It’s no secret that I’m proud to be Cajun. My name is so unique that everyone asks if I’m French when they hear my first + last names. I proudly respond with “Nope. I’m Cajun”.
The decision to keep my maiden name after I was married was because I felt that it was a constant reminder of my Cajun roots. That tie to my culture wasn’t something I was willing to part with. Recently, I’ve started to ponder exactly what being Cajun means to me – what traits are typical of the Cajun culture. What makes us unique?
Each week I’ll take one of these traits and explore it a bit with some real world examples to share with you. If you’re Cajun, I hope that you’ll identify with my thoughts & feelings and follow along each week as we explore our culture’s traits.
The first trait that comes to mind when I think of the Cajun culture is “Resourcefulness”.
I once heard a speech by Tony Robbins and he made a statement “It’s not the lack of resources, it’s your lack of resourcefulness that stops you”.
That quote really spoke to me. Our ancestors were exiled from Nova Scotia. They were dealt a crappy hand and yet they still made the best out of it. Those resourceful individuals took an area of the country where no one else was willing to settle and made it work for them. They learned to live off the land, to cook the available wildlife and make it not only edible, but delicious. They didn’t just survive, they thrived. I haven’t heard many people exclaim with disgust when you mention Cajun food. Have you? I didn’t think so.
Here’s another recent example of resourcefulness – a 72 year old man from Cut Off, Louisiana invented a machine to combat the waves that are eroding the coast of Louisiana. The machine would not only fight erosion by preventing it, but it also captures sediment to aid in rebuilding the land. Many of us are aware of the sobering reality of the immense coastal erosion issue in South Louisiana. It should come as no surprise that his solution uses a motor from an old washing machine. He has no formal engineering training, he just learned by doing. He jumped in and started tinkering with what he had available to him at the time. Here are a few of my favorite excerpts from the article:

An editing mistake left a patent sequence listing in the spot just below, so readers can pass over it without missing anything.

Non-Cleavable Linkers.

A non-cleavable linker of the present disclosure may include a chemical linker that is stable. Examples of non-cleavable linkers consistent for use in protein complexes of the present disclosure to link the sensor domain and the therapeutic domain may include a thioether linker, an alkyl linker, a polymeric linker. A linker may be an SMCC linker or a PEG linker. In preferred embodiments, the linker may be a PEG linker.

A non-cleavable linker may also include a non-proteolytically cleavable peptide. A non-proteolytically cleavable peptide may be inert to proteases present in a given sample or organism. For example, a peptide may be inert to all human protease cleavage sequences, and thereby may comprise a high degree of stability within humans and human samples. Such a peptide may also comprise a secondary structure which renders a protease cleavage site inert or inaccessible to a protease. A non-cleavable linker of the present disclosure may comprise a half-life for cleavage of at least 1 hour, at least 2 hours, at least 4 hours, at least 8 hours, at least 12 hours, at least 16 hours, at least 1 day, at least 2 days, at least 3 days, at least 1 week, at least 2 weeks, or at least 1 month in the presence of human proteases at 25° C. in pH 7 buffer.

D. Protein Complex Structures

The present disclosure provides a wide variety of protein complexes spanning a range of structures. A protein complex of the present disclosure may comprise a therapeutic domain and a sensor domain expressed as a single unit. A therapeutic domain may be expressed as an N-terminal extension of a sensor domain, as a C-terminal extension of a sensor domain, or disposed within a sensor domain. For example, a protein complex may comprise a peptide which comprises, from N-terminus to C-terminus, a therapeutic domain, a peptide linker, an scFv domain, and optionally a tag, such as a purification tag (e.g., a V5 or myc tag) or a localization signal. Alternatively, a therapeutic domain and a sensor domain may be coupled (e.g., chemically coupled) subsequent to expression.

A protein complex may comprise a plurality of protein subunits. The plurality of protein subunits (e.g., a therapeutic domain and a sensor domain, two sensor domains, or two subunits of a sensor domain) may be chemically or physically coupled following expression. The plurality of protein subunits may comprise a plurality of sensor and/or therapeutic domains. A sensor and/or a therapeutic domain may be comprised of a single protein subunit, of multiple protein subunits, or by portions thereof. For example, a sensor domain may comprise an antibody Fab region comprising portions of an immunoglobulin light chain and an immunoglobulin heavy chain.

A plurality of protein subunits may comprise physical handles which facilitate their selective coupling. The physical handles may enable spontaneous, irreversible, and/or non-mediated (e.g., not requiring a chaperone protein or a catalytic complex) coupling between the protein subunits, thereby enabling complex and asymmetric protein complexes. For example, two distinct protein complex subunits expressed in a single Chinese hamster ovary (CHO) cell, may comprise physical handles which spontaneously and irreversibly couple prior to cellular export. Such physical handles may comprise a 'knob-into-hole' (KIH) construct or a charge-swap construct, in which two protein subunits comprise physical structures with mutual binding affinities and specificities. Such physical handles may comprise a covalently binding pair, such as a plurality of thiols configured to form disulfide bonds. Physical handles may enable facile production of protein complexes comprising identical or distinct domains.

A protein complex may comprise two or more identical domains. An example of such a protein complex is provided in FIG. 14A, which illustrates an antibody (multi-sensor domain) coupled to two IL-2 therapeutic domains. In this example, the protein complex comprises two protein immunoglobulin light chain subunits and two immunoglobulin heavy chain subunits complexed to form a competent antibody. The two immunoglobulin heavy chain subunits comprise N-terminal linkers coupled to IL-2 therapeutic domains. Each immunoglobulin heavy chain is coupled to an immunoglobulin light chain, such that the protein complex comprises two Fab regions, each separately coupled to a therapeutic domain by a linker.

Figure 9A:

“Pierce, however, would argue that swamp ingenuity is nothing new. His uncles made their fortune in the 1950s by inventing the Cheramie Marsh Buggies, tractors with 12-foot steel tires that allowed oil men to survey previously inaccessible marshland. He hung around their shop as a boy, where he developed a knack for tinkering.”
“It’s in my nature to invent things,” says Pierce, a white eyebrow raised playfully as he explains that he’s never had any formal training as an engineer. “It runs through my blood.”
“His brainchild, the Wave Robber, is a floating shield against the relentless waves threatening to swallow the region whole. The device recently won top prize at one of New Orleans’ premiere startup competitions. It may just be the bayou’s last, best hope at a future, but it wasn’t built in a fancy university lab or by a team of engineers. Pierce built it using an old washing machine motor in his backyard.”
How have you seen this trait of resourcefulness expressed in the Cajun culture? Share any stories below, I’d love to hear them!